Some hunters harvest game to get a trophy mount for their wall; others plan to fill their freezers with meat, and some want a little meat but not a whole deer. Whatever the hunting motivation, there’s no reason for food to go to waste when there are hungry people nearby.

Since archery season opened for deer in mid-September, Chris and Stephany Mohler have processed 60-some deer at their business, Wildlife Taxidermy and Wild Game Processing, in Sawyer. In October, they donated more than 200 pounds of frozen ground deer to Pratt County FoodBank, Inc.

Food bank director Diana Harris said she can only accept game from a processing plant, not from an individual. Most people who visit the food bank are happy to get the deer, although some tell her their kids won’t eat it. She recommends using it for chili or mixing it with hamburger.

There are a variety of reasons hunters don’t keep the deer they killed.

A bow hunter from Virginia makes an annual trip to Barber County. He loves the Gyp Hills, enjoys the solitude of a tree stand and is recognized by sight if not by name when he worships with a small congregation of Presbyterians and Episcopalians in Medicine Lodge. If he’s successful in his hunt, he will bring the deer to the Mohlers to have it processed. He’ll ship home some of the choice cuts, but shipping a whole deer would be expensive — he could buy some nice filet mignons for the price, he said. He will pay the processing, and whatever is ground into hamburger will go to the food bank.

Deer population in the state is large enough that a hunter can obtain up to five permits for antlerless whitetail deer, far more than most families can consume by next season.

Mohler’s customers have to pay the processing, but a nonprofit organization, Kansas Hunters Feeding the Hungry, collects donations to encourage hunters to donate unwanted meat. With the help of hunters and meat processors, KSHFH donated 997 deer and 17 elk to nearly 40 meat lockers, putting food on the tables of nearly 100 food banks across the state last year, according to the Kansas Department of Wildlife, Parks and Tourism.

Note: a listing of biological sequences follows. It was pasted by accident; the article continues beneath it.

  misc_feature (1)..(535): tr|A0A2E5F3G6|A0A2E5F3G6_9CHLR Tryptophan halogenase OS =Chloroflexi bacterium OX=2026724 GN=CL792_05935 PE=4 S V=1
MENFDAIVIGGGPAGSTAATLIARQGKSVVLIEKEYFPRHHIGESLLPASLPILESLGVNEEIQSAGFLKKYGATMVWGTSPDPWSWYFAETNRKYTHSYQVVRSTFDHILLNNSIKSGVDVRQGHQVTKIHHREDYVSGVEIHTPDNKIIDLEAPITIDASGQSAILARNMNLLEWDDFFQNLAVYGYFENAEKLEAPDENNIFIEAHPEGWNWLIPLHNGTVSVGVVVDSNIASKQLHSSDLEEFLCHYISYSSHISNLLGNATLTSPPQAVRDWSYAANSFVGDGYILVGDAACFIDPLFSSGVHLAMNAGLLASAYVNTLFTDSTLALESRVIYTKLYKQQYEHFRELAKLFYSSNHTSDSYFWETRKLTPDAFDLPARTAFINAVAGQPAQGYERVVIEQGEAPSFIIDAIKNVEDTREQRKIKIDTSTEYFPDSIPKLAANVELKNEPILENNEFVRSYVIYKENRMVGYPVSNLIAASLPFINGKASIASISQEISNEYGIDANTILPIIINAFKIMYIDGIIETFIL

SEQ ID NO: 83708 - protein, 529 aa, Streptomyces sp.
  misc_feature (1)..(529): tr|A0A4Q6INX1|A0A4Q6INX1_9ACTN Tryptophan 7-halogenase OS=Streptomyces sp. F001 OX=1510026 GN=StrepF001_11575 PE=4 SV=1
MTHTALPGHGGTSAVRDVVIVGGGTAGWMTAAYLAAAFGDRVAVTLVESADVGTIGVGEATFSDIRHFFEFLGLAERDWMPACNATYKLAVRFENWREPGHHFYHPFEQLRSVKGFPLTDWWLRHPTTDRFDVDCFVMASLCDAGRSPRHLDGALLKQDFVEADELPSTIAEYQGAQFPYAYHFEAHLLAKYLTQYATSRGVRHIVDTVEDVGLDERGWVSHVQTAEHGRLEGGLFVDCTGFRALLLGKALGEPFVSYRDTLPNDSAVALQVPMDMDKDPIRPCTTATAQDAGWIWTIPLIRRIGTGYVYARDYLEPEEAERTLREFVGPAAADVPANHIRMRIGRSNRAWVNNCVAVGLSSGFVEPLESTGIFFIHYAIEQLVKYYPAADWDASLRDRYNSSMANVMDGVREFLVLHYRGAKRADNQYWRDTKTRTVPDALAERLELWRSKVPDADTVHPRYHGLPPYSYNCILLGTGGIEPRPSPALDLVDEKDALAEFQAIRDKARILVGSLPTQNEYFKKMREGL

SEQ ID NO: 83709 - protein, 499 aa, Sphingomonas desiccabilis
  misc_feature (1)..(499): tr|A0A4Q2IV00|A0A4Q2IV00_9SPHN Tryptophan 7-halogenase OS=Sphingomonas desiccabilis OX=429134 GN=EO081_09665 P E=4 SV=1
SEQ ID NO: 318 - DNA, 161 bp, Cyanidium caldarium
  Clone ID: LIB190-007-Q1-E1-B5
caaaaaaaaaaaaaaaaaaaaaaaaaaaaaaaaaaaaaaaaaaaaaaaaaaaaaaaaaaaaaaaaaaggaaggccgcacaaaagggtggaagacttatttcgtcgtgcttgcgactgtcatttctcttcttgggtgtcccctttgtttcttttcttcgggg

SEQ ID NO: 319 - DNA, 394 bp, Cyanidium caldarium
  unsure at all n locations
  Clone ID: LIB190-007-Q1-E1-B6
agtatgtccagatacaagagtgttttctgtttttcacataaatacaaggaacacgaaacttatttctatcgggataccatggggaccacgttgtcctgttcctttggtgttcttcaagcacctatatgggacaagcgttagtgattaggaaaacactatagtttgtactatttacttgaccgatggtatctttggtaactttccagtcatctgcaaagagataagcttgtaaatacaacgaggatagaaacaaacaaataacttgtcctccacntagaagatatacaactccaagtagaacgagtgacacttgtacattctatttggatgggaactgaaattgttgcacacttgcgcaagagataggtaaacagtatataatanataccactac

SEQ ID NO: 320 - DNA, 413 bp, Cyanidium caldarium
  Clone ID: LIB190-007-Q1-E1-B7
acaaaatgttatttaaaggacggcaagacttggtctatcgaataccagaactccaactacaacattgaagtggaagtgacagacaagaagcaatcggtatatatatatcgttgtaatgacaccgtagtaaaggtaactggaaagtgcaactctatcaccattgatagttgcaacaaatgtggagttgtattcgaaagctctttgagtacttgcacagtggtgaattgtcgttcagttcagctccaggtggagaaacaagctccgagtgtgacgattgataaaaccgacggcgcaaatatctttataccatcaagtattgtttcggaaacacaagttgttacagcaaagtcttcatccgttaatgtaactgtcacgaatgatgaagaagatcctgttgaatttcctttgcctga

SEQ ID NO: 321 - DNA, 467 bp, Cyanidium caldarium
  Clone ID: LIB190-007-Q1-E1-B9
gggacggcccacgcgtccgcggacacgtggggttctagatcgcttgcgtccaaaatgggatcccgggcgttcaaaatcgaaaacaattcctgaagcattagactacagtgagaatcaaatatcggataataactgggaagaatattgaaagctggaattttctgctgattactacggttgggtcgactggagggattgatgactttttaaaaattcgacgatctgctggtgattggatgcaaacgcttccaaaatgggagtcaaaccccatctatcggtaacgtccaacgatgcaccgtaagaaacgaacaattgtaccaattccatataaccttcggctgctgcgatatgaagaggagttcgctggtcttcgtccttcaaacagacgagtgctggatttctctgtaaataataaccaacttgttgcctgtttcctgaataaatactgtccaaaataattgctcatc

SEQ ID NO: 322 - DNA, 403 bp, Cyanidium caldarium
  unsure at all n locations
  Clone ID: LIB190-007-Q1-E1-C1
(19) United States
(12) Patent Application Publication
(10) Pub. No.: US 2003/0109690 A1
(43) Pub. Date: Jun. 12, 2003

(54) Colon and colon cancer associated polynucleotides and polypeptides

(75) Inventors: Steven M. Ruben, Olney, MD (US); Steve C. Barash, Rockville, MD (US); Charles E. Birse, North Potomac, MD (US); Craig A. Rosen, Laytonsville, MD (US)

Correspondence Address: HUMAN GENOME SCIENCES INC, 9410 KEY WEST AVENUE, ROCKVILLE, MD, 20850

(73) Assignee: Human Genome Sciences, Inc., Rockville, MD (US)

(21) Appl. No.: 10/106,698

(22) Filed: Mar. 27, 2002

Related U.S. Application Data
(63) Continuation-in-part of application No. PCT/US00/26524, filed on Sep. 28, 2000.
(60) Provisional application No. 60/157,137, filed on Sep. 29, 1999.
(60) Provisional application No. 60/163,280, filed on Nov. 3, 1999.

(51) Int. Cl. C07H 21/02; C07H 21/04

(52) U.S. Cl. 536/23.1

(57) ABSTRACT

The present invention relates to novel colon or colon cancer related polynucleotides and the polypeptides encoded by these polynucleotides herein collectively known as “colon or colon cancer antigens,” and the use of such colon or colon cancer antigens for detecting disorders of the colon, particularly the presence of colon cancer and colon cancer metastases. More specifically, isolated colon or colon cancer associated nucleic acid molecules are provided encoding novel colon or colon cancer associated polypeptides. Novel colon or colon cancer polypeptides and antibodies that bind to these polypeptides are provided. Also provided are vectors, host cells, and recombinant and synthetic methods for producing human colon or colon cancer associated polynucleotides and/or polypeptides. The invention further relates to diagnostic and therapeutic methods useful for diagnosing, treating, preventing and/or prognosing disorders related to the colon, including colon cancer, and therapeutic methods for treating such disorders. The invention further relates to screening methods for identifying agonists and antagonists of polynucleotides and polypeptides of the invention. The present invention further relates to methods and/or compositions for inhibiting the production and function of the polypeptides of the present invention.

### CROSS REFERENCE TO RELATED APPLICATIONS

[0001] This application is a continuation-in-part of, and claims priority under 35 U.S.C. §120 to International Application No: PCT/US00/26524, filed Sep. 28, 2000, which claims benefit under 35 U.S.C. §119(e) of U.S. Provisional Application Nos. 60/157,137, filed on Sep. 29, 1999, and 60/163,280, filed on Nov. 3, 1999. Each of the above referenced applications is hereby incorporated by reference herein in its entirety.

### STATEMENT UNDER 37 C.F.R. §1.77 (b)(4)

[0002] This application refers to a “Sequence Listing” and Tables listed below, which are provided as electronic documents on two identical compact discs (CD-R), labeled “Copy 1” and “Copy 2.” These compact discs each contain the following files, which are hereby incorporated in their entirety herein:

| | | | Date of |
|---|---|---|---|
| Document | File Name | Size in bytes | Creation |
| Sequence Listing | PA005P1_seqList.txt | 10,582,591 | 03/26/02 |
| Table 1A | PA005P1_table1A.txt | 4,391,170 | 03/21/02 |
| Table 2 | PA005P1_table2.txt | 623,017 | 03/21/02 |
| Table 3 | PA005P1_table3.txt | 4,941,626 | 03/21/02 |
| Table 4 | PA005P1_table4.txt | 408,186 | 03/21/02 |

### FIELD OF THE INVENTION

Wildlife cannot be sold in Kansas. Hunters are invited to donate legally harvested deer, antelope, elk or moose to any of more than 40 participating meat processors in the state.

Information about the program and a list of processors is at

Mohler believes the local deer population may be recovering a bit from a two-year drought. Hunters tell him they’re seeing an increase.

Gary Blankenship, from western Kentucky, who is part of a group of 10 to 12 hunters who come regularly to the Sawyer area, visited the taxidermy shop Tuesday to look at deer mounts. Although they’re hunting birds, they have seen quite a few deer. Predictions for pheasant and quail hunting have been dismal this year, because of dry conditions and poor hatches, but his group had put nine birds in the refrigerator already, compared to eight for the whole week last year.

“This morning, we saw five or six and killed two,” he said. “We need to tune up our shooting a little bit.”

They’re seeing more hen pheasants, which are not legal to shoot, but a good sign for hunting in the future. He figures for every seven hens, there is a rooster somewhere.

“The numbers are there for the quail,” Blankenship said, noting a covey of at least 40 birds on a recent morning.

He also saw a large group of turkeys near the Barber County line. Mohler advised him to come back in January to see flocks of 100 or more.

Hunting is more than just killing birds or animals.

“It’s the camaraderie,” Blankenship said. “As long as you see birds you’re happy, enjoying Mother Nature.”

The Mohlers are “trying to keep their head above water” with as many as six deer coming in during a day. In the first few days of gun season that begins Dec. 4, they’ll take in up to15 or 20 in a day. They will hire extra help then, but for the most part, the business is a Mom and Pop operation, with Chris skinning and quartering deer and “caping out” the mounts. They will both grind meat, and Stephany makes the specialty sausages.

The taxidermy and processing segments of the business complement each other well, Chris said. Neither would be quite as sweet without the other.